The Nile hydropower project, known as The Grand Renaissance Dam, has been at the centre of a decade-long complex dispute involving several countries including Djibouti, Eritrea, Ethiopia, and Somalia. The 145-meter-tall (475-foot-tall) hydropower project was started by Ethiopia.
Given the dam’s location on the Blue Nile tributary, it would allow Ethiopia to gain control of the flow of the river’s waters. Blue Nile is a tributary of the Nile river and it carries about two-thirds of the river’s water volume and most of the silt.
The Dispute :-
- The Grand Renaissance Dam hydropower project being constructed by Ethiopia, will be Africa’s largest. While the main waterways of the Nile run through Uganda, South Sudan, Sudan and Egypt, its drainage basin runs through other countries in East Africa, including Ethiopia.
- Ethiopia began construction of the dam in 2011 on the Blue Nile tributary that runs across one part of the country.
- Egypt has objected to the construction of this dam.
- Sudan has found itself caught in the midst of this conflict.
- The US has stepped in to mediate.
The Concerns :-
- Ethiopia’s mega project on the Nile could allow the country to control the river’s waters.
- Egypt lies downstream and is concerned that Ethiopia’s control over the water could result in lower water levels within its own borders.
- Egypt depends on the Nile for approximately 97% of its drinking water and irrigation supplies.
- The dam would jeopardise food and water security and livelihoods of ordinary Egyptian citizens.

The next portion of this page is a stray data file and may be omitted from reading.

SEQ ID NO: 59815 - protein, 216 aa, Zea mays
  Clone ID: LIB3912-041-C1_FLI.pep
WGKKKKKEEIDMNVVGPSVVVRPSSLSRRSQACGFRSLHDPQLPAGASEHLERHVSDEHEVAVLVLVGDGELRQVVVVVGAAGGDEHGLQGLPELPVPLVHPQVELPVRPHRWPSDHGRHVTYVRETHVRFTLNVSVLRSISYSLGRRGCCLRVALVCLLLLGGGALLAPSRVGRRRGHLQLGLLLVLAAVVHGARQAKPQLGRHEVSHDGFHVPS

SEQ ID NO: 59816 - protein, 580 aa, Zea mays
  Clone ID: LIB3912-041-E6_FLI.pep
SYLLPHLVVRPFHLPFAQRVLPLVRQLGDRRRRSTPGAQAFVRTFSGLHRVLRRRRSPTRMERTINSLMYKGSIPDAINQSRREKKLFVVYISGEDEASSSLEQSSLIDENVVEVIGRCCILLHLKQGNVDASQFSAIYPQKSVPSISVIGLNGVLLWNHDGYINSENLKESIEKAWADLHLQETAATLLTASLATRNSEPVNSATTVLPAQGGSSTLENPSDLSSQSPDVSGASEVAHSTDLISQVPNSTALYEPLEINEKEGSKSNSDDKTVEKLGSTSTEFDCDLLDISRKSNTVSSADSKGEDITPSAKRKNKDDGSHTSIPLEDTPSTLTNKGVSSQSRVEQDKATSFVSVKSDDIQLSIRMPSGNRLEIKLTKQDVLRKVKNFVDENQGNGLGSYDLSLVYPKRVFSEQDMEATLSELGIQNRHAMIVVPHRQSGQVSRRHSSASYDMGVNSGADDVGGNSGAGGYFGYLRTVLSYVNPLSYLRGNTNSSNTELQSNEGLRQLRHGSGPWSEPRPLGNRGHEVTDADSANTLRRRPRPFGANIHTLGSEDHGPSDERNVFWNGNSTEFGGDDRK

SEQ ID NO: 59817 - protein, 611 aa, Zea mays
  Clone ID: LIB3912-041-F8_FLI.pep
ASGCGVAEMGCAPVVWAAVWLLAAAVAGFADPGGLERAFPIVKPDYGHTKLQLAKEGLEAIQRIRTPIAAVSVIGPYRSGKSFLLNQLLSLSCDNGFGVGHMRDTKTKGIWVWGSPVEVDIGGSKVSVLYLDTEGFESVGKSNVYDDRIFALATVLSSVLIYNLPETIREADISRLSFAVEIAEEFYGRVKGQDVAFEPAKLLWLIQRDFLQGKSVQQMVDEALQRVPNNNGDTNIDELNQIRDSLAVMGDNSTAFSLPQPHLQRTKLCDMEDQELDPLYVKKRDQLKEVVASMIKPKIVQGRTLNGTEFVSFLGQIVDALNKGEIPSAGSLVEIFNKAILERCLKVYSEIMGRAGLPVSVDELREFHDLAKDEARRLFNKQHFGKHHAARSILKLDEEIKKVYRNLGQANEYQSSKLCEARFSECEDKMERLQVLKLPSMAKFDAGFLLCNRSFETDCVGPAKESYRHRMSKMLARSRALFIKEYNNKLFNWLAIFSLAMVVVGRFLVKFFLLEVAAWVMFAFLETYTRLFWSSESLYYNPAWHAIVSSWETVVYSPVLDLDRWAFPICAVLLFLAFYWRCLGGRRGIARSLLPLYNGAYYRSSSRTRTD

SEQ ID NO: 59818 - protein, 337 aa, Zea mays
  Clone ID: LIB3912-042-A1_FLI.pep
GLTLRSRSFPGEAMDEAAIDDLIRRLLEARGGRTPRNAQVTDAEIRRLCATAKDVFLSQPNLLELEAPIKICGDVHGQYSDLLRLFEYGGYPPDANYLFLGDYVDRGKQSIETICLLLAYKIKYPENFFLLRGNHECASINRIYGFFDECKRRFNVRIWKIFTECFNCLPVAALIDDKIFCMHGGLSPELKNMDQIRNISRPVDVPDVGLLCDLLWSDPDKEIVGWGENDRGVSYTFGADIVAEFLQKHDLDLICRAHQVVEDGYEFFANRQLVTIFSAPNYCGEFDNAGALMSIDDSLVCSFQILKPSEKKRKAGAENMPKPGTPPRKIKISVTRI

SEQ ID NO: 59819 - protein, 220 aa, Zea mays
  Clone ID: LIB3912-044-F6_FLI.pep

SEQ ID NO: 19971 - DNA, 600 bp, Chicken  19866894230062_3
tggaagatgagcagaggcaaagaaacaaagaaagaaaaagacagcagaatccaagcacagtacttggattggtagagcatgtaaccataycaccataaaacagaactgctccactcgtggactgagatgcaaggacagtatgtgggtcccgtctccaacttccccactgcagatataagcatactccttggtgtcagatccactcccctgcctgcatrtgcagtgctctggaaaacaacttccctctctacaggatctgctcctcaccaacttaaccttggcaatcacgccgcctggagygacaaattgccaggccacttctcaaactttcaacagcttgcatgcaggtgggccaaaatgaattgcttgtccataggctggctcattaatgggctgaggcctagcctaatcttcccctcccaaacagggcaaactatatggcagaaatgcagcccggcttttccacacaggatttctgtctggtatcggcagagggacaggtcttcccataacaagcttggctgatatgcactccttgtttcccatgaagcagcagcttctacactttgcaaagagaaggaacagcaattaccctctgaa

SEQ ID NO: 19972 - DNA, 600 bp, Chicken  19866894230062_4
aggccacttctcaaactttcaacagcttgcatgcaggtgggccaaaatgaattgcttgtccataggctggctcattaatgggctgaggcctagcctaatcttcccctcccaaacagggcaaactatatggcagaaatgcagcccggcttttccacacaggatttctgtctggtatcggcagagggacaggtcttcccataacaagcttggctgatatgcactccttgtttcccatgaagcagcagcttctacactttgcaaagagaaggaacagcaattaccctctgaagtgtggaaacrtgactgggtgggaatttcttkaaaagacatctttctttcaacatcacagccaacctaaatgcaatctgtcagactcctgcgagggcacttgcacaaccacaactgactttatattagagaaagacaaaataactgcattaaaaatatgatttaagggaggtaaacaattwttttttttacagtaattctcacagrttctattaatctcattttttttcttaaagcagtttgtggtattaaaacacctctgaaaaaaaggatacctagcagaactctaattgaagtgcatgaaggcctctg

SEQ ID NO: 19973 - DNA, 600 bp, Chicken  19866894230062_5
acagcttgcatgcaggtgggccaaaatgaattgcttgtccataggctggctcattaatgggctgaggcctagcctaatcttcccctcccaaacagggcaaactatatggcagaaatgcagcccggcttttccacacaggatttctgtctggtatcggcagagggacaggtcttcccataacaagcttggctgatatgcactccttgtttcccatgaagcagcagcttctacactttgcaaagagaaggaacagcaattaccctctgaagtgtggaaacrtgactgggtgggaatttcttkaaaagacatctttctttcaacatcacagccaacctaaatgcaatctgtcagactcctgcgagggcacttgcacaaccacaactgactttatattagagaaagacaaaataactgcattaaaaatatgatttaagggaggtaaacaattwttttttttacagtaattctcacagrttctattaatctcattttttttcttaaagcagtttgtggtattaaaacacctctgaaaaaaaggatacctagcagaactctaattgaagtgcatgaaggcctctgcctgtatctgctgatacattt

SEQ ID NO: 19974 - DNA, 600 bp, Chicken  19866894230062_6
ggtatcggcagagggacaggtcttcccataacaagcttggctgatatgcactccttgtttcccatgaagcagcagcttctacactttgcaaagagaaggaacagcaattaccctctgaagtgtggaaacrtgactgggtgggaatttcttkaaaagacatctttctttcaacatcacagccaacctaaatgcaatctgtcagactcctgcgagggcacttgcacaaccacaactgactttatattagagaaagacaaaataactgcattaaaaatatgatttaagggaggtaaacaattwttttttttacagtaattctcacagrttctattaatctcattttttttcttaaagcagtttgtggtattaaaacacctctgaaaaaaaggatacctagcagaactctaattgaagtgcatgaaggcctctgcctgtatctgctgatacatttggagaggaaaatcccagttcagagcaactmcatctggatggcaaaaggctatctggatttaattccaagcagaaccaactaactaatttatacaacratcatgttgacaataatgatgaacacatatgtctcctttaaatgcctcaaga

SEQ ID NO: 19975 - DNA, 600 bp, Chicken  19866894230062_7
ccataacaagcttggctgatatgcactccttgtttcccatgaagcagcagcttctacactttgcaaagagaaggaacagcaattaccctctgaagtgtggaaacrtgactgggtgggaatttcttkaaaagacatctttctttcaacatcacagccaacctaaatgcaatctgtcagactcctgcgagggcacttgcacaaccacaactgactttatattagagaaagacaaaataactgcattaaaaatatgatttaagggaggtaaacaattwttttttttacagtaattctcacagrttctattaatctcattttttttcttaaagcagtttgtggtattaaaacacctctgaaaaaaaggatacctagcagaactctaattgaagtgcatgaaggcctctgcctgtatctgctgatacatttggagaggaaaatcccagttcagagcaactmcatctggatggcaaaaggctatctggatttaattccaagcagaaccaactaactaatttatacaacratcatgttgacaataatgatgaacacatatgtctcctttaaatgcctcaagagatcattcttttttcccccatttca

- Sudan too is concerned that if Ethiopia were to gain control over the river, it would affect the water levels Sudan receives.
- Sudan is likely to benefit from the power generated by the dam.
- The regulated flow of the river will save Sudan from serious flooding in August and September. Thus, it has proposed joint management of the dam.
Egypt has announced that it is willing to resume negotiations with Ethiopia and Sudan concerning the dam. The latest round of talks between Ethiopia, Sudan and Egypt occurred with South Africa observing the proceedings in its role as the current head of the African Union’s rotating council, in addition to other international observers. Despite previous talks, the point of contention hasn’t changed.
Egypt and Sudan are concerned about the filling and the operation of the dam. Ethiopia continues to insist that the dam is required to meet the needs of its population and has said that downstream water supplies will not be adversely affected.